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toll

1
[ tohl ]
/ toʊl /
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noun

verb (used with object)

to collect (something) as toll.
to impose a tax or toll on (a person).

verb (used without object)

to collect toll; levy toll.

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Origin of toll

1
First recorded before 1000; Middle English tol(le), Old English noun toll “tax, levy, custom, toll” (cognate with Dutch tol, German Zoll, Old Norse tollr ), assimilated variant of Middle English toln(e), Old English toln, from Late Latin tolōnēum, telonium, teloneum for Latin telōnēum “customs post,” from Greek telōneîon “tollhouse,” derivative of télos “tax”; the verb is derivative of the noun

Definition for toll (2 of 3)

toll2
[ tohl ]
/ toʊl /

verb (used with object) Also tole (for defs. 5, 6).

verb (used without object)

to sound with single strokes slowly and regularly repeated, as a bell.

noun

Origin of toll

2
First recorded in 1175–1225; Middle English tollen, tol(le) “to entice, lure, pull,” hence probably “to make (a bell) ring by pulling a rope”; akin to Old English tyllan “to draw, attract,” found only in the compound verb fortyllan “to draw off, seduce”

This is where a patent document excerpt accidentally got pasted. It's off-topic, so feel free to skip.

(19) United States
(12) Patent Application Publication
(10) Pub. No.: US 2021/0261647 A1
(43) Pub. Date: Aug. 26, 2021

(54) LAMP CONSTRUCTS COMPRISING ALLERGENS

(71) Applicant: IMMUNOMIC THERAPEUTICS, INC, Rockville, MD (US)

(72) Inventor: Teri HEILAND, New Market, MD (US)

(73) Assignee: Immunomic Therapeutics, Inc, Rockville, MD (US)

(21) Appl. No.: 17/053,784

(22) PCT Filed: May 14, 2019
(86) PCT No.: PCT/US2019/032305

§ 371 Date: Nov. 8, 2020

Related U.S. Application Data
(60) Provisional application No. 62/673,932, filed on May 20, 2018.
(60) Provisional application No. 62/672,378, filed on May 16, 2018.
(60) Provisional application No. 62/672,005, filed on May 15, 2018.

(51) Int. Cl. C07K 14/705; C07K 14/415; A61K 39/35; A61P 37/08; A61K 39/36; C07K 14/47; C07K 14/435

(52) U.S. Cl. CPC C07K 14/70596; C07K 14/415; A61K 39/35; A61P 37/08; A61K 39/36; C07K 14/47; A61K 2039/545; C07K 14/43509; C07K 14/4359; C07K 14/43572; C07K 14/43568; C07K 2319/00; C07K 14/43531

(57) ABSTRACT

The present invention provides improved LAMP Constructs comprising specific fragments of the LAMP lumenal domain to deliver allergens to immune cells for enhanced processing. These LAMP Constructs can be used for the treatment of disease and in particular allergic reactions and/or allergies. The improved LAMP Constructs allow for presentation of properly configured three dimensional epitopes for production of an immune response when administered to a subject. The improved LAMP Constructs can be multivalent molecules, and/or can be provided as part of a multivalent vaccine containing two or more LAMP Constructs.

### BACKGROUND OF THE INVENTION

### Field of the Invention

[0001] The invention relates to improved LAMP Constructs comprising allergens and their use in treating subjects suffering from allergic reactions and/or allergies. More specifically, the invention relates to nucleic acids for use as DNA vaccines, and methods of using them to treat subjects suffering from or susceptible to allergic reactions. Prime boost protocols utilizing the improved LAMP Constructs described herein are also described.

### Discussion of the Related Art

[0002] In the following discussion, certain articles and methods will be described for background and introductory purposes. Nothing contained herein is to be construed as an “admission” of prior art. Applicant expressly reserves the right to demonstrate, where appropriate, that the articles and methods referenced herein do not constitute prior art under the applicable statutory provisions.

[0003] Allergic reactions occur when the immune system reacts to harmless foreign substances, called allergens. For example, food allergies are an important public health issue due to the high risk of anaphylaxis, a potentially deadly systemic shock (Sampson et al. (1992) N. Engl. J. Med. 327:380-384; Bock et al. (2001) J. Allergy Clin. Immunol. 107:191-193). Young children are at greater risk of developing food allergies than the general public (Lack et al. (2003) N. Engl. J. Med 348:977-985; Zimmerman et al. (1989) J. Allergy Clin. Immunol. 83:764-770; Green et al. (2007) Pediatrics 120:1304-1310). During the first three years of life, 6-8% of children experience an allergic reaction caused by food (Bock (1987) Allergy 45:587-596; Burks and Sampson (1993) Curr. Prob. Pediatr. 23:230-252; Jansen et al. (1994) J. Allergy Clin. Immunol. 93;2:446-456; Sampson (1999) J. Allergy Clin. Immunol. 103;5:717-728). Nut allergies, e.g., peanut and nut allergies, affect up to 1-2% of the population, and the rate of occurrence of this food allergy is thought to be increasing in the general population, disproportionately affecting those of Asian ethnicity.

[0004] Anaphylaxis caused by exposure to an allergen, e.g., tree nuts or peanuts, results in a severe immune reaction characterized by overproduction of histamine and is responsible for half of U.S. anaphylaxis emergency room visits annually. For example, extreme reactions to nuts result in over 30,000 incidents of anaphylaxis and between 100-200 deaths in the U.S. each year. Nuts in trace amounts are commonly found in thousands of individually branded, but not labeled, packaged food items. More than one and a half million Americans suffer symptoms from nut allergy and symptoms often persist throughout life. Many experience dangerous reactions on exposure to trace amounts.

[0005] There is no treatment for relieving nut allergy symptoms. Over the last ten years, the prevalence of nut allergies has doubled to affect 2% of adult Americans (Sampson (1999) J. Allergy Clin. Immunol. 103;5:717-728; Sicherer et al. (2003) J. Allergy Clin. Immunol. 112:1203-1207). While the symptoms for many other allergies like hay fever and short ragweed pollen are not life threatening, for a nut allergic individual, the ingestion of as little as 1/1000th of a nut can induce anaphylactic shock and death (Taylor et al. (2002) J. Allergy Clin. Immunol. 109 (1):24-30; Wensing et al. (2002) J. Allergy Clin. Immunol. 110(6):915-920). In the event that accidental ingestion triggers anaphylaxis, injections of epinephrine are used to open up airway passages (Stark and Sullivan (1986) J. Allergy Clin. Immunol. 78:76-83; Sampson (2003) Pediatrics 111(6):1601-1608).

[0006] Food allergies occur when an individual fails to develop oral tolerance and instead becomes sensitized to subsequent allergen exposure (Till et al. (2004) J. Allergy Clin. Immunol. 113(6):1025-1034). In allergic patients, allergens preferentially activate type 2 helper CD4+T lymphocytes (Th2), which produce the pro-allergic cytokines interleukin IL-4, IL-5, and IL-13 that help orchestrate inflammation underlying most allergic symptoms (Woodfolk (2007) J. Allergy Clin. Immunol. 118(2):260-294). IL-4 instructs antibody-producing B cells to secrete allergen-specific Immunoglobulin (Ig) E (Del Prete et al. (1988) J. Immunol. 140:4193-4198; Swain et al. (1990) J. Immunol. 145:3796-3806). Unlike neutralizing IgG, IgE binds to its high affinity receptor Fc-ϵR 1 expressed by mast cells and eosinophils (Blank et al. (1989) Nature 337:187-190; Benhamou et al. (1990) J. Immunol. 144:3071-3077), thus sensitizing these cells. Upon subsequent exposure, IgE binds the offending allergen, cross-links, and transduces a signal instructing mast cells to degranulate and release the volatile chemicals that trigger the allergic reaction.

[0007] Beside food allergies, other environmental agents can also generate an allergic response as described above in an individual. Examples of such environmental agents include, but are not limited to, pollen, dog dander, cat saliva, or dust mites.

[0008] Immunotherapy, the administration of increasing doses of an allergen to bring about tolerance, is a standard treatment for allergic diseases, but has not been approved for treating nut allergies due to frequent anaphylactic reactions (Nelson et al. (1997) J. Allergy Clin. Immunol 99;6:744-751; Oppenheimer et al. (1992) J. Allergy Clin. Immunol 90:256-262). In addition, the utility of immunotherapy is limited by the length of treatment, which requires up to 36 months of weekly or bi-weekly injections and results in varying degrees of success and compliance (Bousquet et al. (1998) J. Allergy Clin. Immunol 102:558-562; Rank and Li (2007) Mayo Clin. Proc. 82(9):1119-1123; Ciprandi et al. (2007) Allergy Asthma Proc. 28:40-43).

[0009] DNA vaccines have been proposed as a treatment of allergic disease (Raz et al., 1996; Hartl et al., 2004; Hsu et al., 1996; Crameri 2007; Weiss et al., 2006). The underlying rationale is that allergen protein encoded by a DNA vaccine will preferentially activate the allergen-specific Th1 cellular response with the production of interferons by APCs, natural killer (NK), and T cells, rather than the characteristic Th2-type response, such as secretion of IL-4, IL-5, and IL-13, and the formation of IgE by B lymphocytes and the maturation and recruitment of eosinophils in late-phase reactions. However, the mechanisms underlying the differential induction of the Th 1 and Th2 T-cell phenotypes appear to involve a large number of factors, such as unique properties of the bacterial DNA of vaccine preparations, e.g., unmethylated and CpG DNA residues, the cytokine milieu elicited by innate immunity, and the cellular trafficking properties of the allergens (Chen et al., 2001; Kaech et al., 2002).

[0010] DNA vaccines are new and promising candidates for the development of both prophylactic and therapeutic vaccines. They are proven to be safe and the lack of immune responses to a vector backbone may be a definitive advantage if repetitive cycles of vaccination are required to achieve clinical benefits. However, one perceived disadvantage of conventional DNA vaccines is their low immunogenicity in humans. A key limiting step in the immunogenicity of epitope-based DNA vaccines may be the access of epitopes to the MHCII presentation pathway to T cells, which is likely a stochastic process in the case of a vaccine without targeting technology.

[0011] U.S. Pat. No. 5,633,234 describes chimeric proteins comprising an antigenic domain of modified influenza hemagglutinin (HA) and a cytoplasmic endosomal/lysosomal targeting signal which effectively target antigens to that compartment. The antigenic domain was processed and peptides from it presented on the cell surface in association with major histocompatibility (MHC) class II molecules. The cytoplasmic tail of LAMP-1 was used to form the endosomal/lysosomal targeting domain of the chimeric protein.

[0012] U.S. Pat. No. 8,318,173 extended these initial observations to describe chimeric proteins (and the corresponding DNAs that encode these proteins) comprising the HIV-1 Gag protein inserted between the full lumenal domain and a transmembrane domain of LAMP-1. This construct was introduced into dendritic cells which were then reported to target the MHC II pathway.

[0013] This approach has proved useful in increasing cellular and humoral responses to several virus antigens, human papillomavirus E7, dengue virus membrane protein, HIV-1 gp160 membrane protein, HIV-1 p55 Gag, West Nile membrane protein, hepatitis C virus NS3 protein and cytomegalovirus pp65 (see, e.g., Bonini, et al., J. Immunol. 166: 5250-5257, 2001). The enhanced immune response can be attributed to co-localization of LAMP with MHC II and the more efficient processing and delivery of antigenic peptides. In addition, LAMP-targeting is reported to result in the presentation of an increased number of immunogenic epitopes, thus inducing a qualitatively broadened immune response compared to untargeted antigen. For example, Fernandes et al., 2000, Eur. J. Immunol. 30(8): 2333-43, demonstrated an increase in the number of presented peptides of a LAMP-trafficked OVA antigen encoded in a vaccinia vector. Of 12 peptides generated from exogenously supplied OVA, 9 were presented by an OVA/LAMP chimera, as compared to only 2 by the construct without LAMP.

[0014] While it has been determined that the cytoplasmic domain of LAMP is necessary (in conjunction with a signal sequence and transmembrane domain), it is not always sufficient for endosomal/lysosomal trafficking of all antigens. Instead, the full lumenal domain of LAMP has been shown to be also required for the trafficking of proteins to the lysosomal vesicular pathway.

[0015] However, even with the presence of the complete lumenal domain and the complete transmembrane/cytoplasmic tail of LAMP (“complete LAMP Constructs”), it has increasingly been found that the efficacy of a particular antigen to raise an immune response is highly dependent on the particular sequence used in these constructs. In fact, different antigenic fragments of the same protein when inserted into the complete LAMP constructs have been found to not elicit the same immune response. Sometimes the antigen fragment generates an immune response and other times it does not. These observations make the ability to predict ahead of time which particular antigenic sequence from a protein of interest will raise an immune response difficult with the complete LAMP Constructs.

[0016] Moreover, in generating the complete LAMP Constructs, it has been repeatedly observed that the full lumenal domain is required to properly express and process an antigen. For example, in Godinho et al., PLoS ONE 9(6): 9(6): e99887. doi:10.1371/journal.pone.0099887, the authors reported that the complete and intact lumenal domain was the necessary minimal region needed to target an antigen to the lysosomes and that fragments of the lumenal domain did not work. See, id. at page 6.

Definition for toll (3 of 3)

toll3
[ tohl ]
/ toʊl /

verb (used with object) Law.

to suspend or interrupt, as a statute of limitations.

Origin of toll

3
First recorded in 1425–75; late Middle English tollen “to remove, legally annul,” from Anglo-French to(u)ller, from Latin tollere “to lift up, take away, remove”
Dictionary.com Unabridged Based on the Random House Unabridged Dictionary, © Random House, Inc. 2021

Example sentences from the Web for toll

British Dictionary definitions for toll (1 of 2)

toll1
/ (təʊl) /

verb

to ring or cause to ring slowly and recurrently
(tr) to summon, warn, or announce by tolling
US and Canadian to decoy (game, esp ducks)

noun

the act or sound of tolling

Word Origin for toll

C15: perhaps related to Old English -tyllan, as in fortyllan to attract

British Dictionary definitions for toll (2 of 2)

toll2
/ (təʊl, tɒl) /

noun

  1. an amount of money levied, esp for the use of certain roads, bridges, etc, to cover the cost of maintenance
  2. (as modifier)toll road; toll bridge
loss or damage incurred through an accident, disaster, etcthe war took its toll of the inhabitants
Also called: tollage (formerly) the right to levy a toll
Also called: toll charge NZ a charge for a telephone call beyond a free-dialling area

Word Origin for toll

Old English toln; related to Old Frisian tolene, Old High German zol toll, from Late Latin telōnium customs house, from Greek telónion, ultimately from telos tax
Collins English Dictionary - Complete & Unabridged 2012 Digital Edition © William Collins Sons & Co. Ltd. 1979, 1986 © HarperCollins Publishers 1998, 2000, 2003, 2005, 2006, 2007, 2009, 2012

Idioms and Phrases with toll

toll

see take its toll.

The American Heritage® Idioms Dictionary Copyright © 2002, 2001, 1995 by Houghton Mifflin Harcourt Publishing Company. Published by Houghton Mifflin Harcourt Publishing Company.
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